The government has made changes to the VAT scheme for the construction sector which will have a major impact on payments between businesses. We have produced some simple facts to guide you through the changes.

 

What is reverse charge and when is it happening?

The reverse charge is a major change to the way VAT is collected in the building and

and construction industry and comes into effect from 1 October 2020.

After this time, the customer receiving the service will pay the VAT to HMRC instead of paying the supplier.

 

How will it affect me?

The reverse charge will only apply to you as an individual or business registered for VAT in the UK and does not impact on consumers. This will affect you if you supply or receive specified services listed under the CIS regime.

 

What do I need to do to be ‘reverse-charge ready’?

To prepare for the deadline, you need to check to see if the reverse charge will affect your sales, purchases, or both, and if it have an impact on your cashflow.

If appropriate, you need to make sure that your accounting systems and software are updated to deal with the new charge system.

Finally, if you manage your own finances, you need to ensure all you and your staff responsible for VAT accounting are familiar with the reverse charge and how it will operate.

 

What if I am a contractor?

If you’re a contractor you will need to review all your contracts with sub-contractors, to decide if the reverse charge will apply to the services you receive and then notify your suppliers if it does.

 

What sub-contractors need to do

If you’re a sub-contractor you will also need to contact your customers to get confirmation from them if the reverse charge will apply, including confirming if the customer is an end user or intermediary supplier.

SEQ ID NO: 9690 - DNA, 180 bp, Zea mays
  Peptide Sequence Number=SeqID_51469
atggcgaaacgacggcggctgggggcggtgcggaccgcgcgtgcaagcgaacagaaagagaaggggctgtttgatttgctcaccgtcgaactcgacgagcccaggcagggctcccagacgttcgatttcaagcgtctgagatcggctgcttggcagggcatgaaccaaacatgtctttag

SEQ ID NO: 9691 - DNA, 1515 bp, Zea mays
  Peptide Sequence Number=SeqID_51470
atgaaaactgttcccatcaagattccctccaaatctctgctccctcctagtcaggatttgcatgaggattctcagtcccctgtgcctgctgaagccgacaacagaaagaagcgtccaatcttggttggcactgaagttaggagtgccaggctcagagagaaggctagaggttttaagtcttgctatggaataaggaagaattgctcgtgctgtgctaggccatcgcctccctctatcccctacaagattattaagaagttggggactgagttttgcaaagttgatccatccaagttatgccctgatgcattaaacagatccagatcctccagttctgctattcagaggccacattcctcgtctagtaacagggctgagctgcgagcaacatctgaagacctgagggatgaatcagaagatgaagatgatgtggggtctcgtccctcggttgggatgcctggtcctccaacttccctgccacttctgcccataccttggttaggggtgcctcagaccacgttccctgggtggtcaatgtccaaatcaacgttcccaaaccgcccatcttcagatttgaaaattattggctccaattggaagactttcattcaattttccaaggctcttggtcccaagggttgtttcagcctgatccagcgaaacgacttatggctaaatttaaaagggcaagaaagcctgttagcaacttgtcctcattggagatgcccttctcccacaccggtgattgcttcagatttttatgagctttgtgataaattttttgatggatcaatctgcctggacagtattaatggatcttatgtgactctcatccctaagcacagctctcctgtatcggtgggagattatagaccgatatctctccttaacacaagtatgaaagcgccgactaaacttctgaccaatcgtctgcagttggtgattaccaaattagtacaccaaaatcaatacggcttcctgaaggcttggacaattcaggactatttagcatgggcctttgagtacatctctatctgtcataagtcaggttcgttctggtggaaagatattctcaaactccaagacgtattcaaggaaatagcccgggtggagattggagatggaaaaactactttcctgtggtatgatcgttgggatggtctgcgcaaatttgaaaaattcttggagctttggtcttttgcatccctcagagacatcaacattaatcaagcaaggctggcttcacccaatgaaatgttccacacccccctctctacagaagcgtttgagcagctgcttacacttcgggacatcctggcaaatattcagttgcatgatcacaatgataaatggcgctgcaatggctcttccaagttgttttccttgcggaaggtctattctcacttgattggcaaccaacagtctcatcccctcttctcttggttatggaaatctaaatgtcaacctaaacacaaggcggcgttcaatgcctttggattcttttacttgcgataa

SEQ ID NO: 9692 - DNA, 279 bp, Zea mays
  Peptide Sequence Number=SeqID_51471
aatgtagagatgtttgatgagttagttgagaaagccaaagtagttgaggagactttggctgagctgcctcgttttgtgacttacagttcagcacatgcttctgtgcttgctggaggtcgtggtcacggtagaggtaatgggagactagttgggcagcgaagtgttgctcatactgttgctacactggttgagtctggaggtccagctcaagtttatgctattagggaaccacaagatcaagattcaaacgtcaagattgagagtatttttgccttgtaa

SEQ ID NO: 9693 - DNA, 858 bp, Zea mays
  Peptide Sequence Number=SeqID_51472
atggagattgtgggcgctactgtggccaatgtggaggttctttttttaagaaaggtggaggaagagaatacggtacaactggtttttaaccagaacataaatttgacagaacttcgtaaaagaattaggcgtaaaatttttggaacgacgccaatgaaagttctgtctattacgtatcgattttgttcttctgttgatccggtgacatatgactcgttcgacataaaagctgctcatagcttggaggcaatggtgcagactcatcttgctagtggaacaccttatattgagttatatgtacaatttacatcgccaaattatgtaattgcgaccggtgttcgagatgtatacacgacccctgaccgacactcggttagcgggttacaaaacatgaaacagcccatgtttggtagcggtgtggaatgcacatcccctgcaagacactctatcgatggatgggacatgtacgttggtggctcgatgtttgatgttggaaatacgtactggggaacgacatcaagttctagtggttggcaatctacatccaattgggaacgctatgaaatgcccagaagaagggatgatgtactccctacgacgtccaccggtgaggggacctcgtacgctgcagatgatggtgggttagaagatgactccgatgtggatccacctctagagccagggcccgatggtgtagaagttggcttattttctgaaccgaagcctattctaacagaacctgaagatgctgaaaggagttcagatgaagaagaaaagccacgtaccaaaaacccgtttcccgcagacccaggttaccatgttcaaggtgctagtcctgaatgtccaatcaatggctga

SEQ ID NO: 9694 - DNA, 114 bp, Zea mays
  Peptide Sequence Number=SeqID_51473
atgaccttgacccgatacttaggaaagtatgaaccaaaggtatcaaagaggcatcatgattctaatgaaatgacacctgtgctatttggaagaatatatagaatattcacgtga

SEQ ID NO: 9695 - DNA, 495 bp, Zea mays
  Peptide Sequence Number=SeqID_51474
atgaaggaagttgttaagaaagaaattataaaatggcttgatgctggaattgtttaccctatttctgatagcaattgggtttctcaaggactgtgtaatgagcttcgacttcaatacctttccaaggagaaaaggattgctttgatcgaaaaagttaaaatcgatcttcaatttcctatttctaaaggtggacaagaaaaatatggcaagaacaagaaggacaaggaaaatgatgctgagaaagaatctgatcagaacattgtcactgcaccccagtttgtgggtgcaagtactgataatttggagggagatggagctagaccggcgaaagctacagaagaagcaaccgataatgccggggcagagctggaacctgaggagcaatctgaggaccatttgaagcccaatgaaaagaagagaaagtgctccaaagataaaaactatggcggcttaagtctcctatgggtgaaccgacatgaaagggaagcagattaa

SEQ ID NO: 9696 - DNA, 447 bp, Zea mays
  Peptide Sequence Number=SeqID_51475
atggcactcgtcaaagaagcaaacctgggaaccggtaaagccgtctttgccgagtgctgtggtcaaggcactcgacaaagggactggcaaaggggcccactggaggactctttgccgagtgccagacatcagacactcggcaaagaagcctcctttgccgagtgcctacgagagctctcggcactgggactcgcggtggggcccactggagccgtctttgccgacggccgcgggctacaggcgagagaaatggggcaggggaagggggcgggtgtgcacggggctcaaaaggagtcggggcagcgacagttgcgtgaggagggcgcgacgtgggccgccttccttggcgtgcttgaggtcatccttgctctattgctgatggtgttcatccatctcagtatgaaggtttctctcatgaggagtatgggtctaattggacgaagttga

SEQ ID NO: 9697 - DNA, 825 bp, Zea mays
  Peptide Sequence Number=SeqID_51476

How will this affect my invoicing?

Under the new rules, if you are a VAT-registered business which supplies certain construction services to another VAT-registered business, you will be required to issue a VAT invoice stating that the service is subject to the reverse charge.

Your customer must then account for the VAT on that supply through its VAT return, instead of paying the VAT to the supplier, and then recover the VAT amount as input tax, subject to the normal rules.

The list of services both affected and excluded from the charge is quite comprehensive, so it is worth taking some time to look through the list on the HMRC website.

For work undertaken for end consumers such as domestic customers or customers who are not VAT registered, you will invoice VAT as normal, as the new rules only apply to supplies to businesses who are not the final user of the building or those who are VAT registered.

 

And VAT returns, what does this mean for me?

As a result of the reverse charge, you may no longer pay VAT on some of your sales. This means that you may be in a VAT repayment position with HMRC, as you have no VAT on sales to declare. You might consider moving your returns to a monthly basis to speed up repayments due from HMRC.This can be done online through your government gateway account or through your accountant.

Clearly this is a complex area and one which you need to get right as the financial implications are huge. If your business is not equipped to deal with the change or you are simply too busy, then this is where experts – like us! – can make all your reverse charge worries fade away.

 

For more information on how we can help you negotiate the changes ahead, get in touch with us today on info@chuhanandsingh.co.uk or 01642 244090, and we’ll go through everything you need to know.